I was single when I had it done, so I was glad I had people to stay with for the first 7-10 days. But after that, I was fine. The only thing I needed help with was lifting heavy things - I had to either only buy a few things at a time at the grocery store, or get someone to come with me.

You're going to do fine. Start a pool with your friends - bet on how much taller you'll get. That makes it a bit more fun.

05-11-2010, 09:21 PM
kassie84 - I had my surgery almost six weeks ago, and my mother moved in to my house to help take care of my two sons (I'm a single mom). She moved out after the fourth week, and I've been taking care of my sons and myself since then, so I've been independent since the 4th week. However, I still get very tired, and sometimes need to take a nap during the day when I can, I'm lucky that my mum can sometimes watch my boys which allows me to get that nap in. I had a lumbar curve of 85 which is now 27 degrees, and my thoracic curve was 55 and is now 19 degrees. I'm very happy I had this surgery. I was also very nervous prior to the surgery, as I think everyone is, but once you've had it done, it's all behind you :)

05-12-2010, 05:46 AM
Good Luck! I wish I had done this at your age. I was too busy starting my career and family so now 10 years later I am doing it. I do have a lot more pain now but do still manage very well, but the progression continues. I too want to get it done before getting older and the curve becomes worse and more rigid.

05-12-2010, 12:39 PM
Just sending you good thoughts and best wishes. You can be glad you're doing this when you're young and healthy and that the surgical technology has become so much more advanced. When I was diagnosed back in the early 70's, surgery meant 9 months in a body cast so I certainly didn't go there. I was fine up until a few years ago when I really developed significant pain from the worsening curves. Good for you that you're moving ahead with this now! At your age, your recovery will be so much quicker and easier. Good luck!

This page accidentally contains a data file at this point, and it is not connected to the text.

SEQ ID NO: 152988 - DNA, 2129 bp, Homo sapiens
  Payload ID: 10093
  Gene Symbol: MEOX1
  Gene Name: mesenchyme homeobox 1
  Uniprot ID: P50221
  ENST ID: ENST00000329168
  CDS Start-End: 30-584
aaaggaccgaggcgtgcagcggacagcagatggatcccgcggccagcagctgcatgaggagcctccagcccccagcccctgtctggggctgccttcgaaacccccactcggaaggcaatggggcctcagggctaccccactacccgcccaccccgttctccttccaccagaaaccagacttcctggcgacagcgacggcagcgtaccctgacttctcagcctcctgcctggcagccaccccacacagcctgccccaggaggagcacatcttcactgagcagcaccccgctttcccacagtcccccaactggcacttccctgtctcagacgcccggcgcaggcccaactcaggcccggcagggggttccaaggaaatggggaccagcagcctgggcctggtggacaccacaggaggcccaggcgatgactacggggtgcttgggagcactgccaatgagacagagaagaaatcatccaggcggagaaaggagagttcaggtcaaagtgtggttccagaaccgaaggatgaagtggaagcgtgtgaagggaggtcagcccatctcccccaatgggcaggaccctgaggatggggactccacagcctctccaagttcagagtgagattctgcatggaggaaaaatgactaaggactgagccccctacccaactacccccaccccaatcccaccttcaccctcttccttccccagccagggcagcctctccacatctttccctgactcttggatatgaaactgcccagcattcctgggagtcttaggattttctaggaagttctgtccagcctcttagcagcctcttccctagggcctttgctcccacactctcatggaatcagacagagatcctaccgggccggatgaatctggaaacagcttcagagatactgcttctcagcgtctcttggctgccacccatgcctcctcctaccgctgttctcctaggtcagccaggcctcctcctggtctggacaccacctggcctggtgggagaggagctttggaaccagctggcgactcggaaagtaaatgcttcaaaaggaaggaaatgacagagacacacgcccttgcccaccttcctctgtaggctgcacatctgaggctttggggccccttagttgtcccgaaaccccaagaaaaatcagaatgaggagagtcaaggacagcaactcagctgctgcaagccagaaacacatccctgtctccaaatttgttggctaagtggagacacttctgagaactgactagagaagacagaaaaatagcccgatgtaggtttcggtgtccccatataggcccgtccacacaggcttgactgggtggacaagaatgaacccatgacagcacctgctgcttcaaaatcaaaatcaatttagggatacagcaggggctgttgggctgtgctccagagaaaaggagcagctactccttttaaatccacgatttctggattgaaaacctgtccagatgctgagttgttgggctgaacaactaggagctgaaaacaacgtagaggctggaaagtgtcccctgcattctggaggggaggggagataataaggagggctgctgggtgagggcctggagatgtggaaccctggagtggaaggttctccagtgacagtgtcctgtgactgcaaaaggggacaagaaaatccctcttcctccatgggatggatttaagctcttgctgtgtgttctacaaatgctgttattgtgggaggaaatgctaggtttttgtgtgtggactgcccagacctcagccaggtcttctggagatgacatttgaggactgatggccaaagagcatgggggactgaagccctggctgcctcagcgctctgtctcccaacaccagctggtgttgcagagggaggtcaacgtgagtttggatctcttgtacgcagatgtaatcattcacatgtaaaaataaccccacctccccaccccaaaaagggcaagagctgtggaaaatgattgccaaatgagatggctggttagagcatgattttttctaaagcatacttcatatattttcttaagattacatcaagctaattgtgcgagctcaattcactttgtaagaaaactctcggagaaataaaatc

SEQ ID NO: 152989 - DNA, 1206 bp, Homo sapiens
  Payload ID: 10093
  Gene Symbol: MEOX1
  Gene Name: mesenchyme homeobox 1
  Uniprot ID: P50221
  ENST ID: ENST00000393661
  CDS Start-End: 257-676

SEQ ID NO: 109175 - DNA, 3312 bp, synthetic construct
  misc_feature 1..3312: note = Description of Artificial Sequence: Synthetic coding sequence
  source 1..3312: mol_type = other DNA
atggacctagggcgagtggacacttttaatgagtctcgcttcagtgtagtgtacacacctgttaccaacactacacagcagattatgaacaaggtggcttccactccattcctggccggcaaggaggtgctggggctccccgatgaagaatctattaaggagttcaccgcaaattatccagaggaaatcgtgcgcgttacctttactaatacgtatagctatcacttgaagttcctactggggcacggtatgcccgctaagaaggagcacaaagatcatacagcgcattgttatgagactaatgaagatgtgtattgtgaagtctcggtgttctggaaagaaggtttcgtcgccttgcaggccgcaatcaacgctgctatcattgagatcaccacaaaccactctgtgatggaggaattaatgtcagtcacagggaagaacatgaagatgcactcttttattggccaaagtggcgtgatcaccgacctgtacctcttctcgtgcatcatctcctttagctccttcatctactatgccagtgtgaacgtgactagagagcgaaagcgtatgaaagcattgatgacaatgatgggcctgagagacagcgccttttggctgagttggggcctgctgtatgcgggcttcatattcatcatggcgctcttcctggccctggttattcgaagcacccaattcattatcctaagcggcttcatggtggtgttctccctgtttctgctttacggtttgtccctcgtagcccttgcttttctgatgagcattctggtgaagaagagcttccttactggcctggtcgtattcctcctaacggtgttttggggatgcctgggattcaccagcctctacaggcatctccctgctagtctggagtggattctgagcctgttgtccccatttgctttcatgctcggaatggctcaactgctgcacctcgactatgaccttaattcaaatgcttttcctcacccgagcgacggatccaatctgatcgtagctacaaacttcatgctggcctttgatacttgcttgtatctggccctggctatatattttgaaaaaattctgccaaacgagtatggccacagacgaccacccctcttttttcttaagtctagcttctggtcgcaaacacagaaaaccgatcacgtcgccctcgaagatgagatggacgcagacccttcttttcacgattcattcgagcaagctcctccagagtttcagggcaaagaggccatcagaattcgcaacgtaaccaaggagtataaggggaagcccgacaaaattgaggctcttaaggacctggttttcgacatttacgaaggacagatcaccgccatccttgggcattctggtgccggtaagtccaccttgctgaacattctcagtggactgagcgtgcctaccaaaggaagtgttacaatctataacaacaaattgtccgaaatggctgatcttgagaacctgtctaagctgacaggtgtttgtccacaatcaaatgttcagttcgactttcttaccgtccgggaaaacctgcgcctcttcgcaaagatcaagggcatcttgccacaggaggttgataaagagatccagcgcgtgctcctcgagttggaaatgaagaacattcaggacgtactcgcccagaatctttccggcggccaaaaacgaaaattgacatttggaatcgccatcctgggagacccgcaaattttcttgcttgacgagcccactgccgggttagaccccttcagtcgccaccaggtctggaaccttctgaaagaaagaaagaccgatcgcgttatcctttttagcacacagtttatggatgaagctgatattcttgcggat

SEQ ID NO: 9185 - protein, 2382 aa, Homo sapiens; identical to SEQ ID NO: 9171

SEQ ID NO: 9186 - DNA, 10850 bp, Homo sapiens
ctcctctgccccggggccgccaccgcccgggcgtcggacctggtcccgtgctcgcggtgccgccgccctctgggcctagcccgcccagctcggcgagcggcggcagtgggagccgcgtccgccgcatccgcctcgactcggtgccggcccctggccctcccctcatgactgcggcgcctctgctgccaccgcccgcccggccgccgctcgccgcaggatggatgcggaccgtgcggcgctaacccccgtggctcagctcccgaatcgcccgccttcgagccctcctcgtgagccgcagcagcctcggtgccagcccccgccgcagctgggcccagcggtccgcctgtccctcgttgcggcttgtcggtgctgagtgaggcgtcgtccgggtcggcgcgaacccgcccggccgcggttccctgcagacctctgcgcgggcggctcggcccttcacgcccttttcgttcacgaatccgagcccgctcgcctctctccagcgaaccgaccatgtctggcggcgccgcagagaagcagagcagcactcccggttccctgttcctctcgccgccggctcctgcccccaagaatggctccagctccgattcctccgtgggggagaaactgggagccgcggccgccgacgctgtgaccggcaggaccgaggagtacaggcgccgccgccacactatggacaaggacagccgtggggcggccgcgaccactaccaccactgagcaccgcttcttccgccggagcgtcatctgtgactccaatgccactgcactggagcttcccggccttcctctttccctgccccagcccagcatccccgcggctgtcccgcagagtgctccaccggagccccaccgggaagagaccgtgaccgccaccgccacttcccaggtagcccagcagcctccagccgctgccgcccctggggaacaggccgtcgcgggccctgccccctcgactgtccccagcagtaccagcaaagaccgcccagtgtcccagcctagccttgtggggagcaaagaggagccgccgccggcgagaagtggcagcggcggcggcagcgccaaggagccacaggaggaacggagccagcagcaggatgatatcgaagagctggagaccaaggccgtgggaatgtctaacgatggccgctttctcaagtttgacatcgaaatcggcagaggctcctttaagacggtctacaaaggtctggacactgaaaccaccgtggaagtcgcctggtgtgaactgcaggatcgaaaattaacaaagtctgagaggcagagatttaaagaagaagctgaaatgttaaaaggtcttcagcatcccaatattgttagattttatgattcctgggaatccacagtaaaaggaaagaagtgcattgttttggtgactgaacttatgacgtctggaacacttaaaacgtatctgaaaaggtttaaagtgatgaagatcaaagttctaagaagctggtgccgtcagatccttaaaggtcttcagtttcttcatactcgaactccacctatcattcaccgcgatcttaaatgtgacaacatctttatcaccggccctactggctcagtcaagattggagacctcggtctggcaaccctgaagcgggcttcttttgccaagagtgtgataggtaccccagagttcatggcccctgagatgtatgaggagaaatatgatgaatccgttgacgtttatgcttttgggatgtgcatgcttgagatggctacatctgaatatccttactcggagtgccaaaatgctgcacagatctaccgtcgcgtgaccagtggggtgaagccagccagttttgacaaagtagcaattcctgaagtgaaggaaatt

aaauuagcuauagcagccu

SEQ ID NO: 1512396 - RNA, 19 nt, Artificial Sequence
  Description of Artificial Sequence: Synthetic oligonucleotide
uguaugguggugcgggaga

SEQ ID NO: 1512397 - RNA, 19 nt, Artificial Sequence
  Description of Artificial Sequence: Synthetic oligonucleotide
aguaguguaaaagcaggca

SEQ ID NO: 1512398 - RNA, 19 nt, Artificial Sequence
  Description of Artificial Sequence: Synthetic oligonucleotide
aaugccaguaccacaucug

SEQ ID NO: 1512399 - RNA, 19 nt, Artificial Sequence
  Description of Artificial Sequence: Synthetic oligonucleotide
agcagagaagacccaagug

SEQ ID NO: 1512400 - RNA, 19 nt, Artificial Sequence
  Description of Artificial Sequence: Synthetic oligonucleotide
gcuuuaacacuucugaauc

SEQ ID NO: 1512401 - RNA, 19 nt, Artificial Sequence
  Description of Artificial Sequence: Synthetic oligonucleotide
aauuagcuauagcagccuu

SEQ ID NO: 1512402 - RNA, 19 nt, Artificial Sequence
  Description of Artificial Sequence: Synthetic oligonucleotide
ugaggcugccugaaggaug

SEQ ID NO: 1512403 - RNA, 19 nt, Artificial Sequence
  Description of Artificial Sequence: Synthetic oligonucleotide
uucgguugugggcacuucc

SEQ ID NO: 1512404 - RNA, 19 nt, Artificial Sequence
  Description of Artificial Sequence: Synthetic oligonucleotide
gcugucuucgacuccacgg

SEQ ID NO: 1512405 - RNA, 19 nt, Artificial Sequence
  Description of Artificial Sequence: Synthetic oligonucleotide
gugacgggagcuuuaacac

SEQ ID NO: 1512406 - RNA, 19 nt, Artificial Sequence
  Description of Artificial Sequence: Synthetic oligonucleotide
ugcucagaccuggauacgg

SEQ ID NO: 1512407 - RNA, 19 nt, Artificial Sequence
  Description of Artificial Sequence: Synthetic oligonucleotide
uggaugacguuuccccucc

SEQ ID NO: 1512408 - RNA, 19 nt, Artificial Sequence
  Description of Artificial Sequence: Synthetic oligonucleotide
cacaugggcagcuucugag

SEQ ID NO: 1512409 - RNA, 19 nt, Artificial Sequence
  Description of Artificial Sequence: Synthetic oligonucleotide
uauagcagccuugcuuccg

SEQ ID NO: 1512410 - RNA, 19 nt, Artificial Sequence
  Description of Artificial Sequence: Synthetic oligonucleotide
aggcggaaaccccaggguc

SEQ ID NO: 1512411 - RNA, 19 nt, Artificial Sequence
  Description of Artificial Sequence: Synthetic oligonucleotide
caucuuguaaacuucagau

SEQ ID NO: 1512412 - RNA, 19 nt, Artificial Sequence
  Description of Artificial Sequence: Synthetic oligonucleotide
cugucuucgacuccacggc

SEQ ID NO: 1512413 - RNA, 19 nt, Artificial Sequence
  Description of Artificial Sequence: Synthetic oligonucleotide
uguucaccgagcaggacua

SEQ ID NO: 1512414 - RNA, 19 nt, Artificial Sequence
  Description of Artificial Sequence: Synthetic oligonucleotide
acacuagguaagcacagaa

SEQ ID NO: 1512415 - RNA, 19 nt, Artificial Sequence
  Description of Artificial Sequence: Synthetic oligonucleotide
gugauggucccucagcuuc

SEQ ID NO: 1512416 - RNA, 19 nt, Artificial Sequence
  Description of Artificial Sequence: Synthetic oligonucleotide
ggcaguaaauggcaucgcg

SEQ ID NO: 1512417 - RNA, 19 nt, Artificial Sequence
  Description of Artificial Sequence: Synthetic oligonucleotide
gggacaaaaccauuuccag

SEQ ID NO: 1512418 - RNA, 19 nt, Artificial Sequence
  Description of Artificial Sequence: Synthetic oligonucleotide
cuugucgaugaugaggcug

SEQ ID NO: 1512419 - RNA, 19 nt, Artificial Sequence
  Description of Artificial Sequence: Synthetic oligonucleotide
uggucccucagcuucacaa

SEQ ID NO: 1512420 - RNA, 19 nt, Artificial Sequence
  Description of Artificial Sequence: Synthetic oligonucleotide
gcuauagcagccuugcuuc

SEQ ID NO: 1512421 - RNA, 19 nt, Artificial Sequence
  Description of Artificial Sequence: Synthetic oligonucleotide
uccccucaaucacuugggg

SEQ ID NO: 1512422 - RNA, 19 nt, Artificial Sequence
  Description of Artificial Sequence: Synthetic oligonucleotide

05-12-2010, 01:01 PM
Kassie -- hoping all goes well for you! My surgery is the 17th and I'm getting nervous too (and I'm 63!).:eek: From all I read and hear, the younger you are when you have the surgery, the quicker the healing. Hang in there. You'll do great!:)


05-17-2010, 06:31 AM
THanks everyone for sharing with me, I really do feel much better about everything. I feel very prepared for the good, and the bad- which I will be facing over the next few months. But im getting excited now, rather than being scared like i was when i first posted on this site. So thanks everyone for replying to my thread but also for posting your stories on the site. I have been trying to read a bit each night when I can. My internet isn't that great, so it's been difficult- and I've been so busy the past few weeks with work and getting organised for next monday! But it has still helped me so much. So thank you everyone. I will definately post more after the op and let you know how it goes. I look forward to reading how everyone else's surgery and recovery go too. I'm sure we will have lots more questions for eachother once we are through to the other side.
thanks again, and good luck everyone!